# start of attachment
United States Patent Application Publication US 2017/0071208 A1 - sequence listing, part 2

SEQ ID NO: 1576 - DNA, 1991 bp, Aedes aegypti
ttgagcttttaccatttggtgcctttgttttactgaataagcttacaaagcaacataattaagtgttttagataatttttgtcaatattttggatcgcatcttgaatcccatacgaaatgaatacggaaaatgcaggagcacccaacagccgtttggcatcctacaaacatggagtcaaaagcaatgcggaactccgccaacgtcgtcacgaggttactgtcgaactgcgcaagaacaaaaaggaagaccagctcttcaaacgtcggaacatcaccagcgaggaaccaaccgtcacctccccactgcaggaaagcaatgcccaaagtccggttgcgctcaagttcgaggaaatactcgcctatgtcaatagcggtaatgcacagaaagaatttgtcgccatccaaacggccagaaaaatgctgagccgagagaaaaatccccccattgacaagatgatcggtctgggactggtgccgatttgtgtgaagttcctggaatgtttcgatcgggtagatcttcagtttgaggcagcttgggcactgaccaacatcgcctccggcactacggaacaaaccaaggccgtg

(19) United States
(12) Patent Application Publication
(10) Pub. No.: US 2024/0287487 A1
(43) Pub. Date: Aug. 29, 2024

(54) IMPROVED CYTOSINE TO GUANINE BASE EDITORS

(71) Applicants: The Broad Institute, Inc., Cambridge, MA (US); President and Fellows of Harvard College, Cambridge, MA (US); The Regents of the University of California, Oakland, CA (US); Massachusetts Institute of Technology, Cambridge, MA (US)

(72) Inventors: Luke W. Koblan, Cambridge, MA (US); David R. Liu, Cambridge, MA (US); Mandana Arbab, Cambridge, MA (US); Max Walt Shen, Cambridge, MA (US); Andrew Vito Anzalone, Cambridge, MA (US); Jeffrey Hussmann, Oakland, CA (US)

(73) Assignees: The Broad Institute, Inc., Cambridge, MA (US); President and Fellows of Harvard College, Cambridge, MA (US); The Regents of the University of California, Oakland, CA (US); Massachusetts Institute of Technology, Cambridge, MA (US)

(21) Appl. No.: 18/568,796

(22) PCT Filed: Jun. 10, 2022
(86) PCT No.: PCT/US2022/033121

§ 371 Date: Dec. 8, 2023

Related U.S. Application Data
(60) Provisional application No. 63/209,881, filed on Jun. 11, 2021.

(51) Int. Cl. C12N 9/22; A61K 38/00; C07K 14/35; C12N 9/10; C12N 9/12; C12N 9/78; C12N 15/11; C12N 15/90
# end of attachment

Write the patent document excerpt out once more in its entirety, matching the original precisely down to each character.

United States Patent Application Publication US 2017/0071208 A1 - sequence listing, part 2

SEQ ID NO: 1576 - DNA, 1991 bp, Aedes aegypti
ttgagcttttaccatttggtgcctttgttttactgaataagcttacaaagcaacataattaagtgttttagataatttttgtcaatattttggatcgcatcttgaatcccatacgaaatgaatacggaaaatgcaggagcacccaacagccgtttggcatcctacaaacatggagtcaaaagcaatgcggaactccgccaacgtcgtcacgaggttactgtcgaactgcgcaagaacaaaaaggaagaccagctcttcaaacgtcggaacatcaccagcgaggaaccaaccgtcacctccccactgcaggaaagcaatgcccaaagtccggttgcgctcaagttcgaggaaatactcgcctatgtcaatagcggtaatgcacagaaagaatttgtcgccatccaaacggccagaaaaatgctgagccgagagaaaaatccccccattgacaagatgatcggtctgggactggtgccgatttgtgtgaagttcctggaatgtttcgatcgggtagatcttcagtttgaggcagcttgggcactgaccaacatcgcctccggcactacggaacaaaccaaggccgtg

(19) United States
(12) Patent Application Publication
(10) Pub. No.: US 2024/0287487 A1
(43) Pub. Date: Aug. 29, 2024

(54) IMPROVED CYTOSINE TO GUANINE BASE EDITORS

(71) Applicants: The Broad Institute, Inc., Cambridge, MA (US); President and Fellows of Harvard College, Cambridge, MA (US); The Regents of the University of California, Oakland, CA (US); Massachusetts Institute of Technology, Cambridge, MA (US)

(72) Inventors: Luke W. Koblan, Cambridge, MA (US); David R. Liu, Cambridge, MA (US); Mandana Arbab, Cambridge, MA (US); Max Walt Shen, Cambridge, MA (US); Andrew Vito Anzalone, Cambridge, MA (US); Jeffrey Hussmann, Oakland, CA (US)

(73) Assignees: The Broad Institute, Inc., Cambridge, MA (US); President and Fellows of Harvard College, Cambridge, MA (US); The Regents of the University of California, Oakland, CA (US); Massachusetts Institute of Technology, Cambridge, MA (US)

(21) Appl. No.: 18/568,796

(22) PCT Filed: Jun. 10, 2022
(86) PCT No.: PCT/US2022/033121

§ 371 Date: Dec. 8, 2023

Related U.S. Application Data
(60) Provisional application No. 63/209,881, filed on Jun. 11, 2021.

(51) Int. Cl. C12N 9/22; A61K 38/00; C07K 14/35; C12N 9/10; C12N 9/12; C12N 9/78; C12N 15/11; C12N 15/90